He made it clear, despite the public confusion over Kaiser Air’s plan for Livermore, that the airport is not licensed or designed for commercial passenger operations. Kaiser Air planned for hangers so it could do maintenance or shift cabin configuration for its Boeing 737s. Moran pointed out that, because of the charter operations Kaiser runs, its commercial jets are quiet enough to fly into San Jose after the noise curfew. Kaiser has not submitted a formal application for the land it has reserved and that ends in July.
He said that one of the key operations at Livermore is flight training where a student can go from a single-engine Cessna to certification to fly a commercial jet. Moran said that airports such as Livermore will expand in that role. He also said that maintenance specialists are important and earn good money with significantly less training than his 8 ½ years of college.
Cardwell’s talk followed his recognition along with two other Tri-Valley executives as an outstanding leader under 40 by the San Francisco Business Times.
He grew up in Livermore and the recognition continued what’s been a great year for him. Cardwell, who has led innovation efforts and incubators for the city of Livermore since the founding of I-gate several years ago, was promoted to lead economic development as well as innovation for the city.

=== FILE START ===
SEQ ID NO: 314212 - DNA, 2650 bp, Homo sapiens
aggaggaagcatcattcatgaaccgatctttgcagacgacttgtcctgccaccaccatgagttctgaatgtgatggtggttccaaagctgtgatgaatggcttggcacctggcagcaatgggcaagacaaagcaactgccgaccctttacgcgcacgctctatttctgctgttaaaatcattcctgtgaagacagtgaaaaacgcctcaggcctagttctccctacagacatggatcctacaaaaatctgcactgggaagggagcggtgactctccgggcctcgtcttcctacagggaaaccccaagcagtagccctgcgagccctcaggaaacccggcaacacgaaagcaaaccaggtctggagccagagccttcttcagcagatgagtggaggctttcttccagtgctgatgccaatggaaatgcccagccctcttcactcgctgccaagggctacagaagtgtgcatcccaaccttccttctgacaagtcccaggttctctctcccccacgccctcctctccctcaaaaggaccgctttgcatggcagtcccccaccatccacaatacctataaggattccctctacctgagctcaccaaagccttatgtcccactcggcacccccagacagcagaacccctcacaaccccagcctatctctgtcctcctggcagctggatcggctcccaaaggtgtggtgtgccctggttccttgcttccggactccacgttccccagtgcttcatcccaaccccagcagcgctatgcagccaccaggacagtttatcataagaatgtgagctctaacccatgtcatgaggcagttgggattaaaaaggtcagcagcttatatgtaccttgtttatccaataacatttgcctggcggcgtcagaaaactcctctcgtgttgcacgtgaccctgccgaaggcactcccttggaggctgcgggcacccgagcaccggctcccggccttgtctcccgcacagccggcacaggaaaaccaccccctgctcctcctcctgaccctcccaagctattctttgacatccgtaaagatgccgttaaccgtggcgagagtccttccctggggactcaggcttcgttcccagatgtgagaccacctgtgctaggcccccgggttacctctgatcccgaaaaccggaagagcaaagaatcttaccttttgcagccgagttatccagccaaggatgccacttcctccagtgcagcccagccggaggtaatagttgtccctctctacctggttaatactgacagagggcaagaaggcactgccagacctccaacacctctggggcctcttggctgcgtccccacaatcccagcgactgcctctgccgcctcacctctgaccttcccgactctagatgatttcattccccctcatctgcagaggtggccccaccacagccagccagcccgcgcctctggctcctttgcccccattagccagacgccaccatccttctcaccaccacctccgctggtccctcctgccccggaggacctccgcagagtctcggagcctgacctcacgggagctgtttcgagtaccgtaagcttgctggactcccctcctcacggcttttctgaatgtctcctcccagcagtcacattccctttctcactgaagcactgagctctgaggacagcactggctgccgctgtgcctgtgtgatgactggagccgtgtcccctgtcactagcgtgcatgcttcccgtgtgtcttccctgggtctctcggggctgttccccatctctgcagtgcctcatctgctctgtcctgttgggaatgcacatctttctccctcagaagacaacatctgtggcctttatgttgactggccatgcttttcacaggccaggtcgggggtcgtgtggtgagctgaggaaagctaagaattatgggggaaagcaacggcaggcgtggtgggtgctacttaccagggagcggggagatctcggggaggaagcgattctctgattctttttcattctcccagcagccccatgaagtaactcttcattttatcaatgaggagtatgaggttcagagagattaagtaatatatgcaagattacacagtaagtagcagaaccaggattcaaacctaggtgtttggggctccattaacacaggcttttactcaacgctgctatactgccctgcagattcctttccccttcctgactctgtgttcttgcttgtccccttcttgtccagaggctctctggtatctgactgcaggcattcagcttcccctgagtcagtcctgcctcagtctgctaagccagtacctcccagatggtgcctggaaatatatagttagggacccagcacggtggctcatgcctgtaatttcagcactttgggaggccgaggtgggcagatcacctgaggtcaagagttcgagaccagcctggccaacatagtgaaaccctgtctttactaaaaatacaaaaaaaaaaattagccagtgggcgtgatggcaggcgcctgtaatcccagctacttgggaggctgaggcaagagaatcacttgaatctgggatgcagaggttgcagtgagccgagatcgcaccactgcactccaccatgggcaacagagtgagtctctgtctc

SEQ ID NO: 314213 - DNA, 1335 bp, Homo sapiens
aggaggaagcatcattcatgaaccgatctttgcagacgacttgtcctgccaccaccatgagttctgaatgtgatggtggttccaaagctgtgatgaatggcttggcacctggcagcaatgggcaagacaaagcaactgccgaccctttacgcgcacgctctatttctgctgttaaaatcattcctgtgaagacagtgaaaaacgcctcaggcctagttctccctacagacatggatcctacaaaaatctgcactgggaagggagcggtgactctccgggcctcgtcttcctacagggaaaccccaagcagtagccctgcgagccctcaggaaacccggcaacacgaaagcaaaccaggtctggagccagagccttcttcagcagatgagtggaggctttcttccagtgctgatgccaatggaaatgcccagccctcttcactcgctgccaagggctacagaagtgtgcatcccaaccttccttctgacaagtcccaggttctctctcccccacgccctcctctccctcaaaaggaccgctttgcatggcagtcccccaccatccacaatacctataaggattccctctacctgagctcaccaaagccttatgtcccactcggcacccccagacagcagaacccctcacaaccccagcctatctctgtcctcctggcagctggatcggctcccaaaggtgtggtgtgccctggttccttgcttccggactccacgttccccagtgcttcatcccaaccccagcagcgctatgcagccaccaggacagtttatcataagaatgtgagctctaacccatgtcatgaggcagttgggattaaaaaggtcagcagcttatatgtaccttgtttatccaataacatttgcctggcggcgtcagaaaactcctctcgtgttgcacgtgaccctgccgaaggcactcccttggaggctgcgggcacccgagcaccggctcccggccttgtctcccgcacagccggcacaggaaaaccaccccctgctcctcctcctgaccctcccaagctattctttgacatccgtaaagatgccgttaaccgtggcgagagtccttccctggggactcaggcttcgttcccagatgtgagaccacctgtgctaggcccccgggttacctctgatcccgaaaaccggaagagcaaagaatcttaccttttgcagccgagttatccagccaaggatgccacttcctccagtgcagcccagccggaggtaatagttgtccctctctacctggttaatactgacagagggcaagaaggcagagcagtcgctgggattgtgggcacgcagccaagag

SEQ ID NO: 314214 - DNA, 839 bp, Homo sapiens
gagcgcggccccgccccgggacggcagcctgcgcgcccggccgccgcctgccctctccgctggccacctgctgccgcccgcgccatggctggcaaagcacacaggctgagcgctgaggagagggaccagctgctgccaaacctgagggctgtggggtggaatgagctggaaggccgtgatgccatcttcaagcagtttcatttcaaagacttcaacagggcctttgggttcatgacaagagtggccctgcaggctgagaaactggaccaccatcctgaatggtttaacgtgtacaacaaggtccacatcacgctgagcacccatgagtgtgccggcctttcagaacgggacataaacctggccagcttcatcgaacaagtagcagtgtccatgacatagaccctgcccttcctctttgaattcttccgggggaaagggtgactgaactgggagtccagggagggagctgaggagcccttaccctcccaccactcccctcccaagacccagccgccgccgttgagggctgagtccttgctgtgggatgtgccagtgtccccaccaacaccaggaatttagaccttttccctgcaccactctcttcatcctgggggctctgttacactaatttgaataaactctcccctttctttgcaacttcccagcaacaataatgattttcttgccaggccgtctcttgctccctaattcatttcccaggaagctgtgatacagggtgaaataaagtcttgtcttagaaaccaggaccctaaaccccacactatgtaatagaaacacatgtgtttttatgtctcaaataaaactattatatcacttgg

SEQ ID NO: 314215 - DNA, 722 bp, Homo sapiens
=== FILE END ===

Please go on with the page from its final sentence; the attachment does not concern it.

Joining him on the list are Mark Schwager, co-founder and president of Monarch Tractor of Livermore, and Colin Behring, CEO of Behring Companies of San Ramon. Monarch Tractor was recognized last month as one of the Innovation Tri-Valley Leadership Group’s Gamechanging companies. It’s pioneering its all electric, autonomous tractor in Livemore working with Wente Vineyards.
Behring is a third-generation local developer. His grandfather, Ken Behring, developed Blackhawk, the first major gated community in the San Ramon Valley. Ken Behring later became better known for his philanthropy with major gifts to the Smithsonian Institute and through his Wheelchair Foundation that has delivered well over one million durable wheelchairs across the world. Colin worked for the foundation as assistant to his grandfather for several years while also working in China.
The son of developer Jeff Behring, Colin’s firm is vertically integrated with an investment arm, a development arm and a financing arm. It’s headquartered in San Ramon and has a high-rise project in Oakland.

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Posted by Joe V, a resident of Birdland,
on Apr 21, 2022 at 6:02 pm

Joe V is a registered user.

There is no public confusion with Kaiser's application to use the Livermore Airport.
They want to fly 737's into and out of Livermore, and neighbors are against it, period.
There is nothing complicated with this subject that Sean Moran needs to explain, or put a spin on.
He is trying to make a financial decision that benefits him and the Livermore Airport, and neighbors are against it.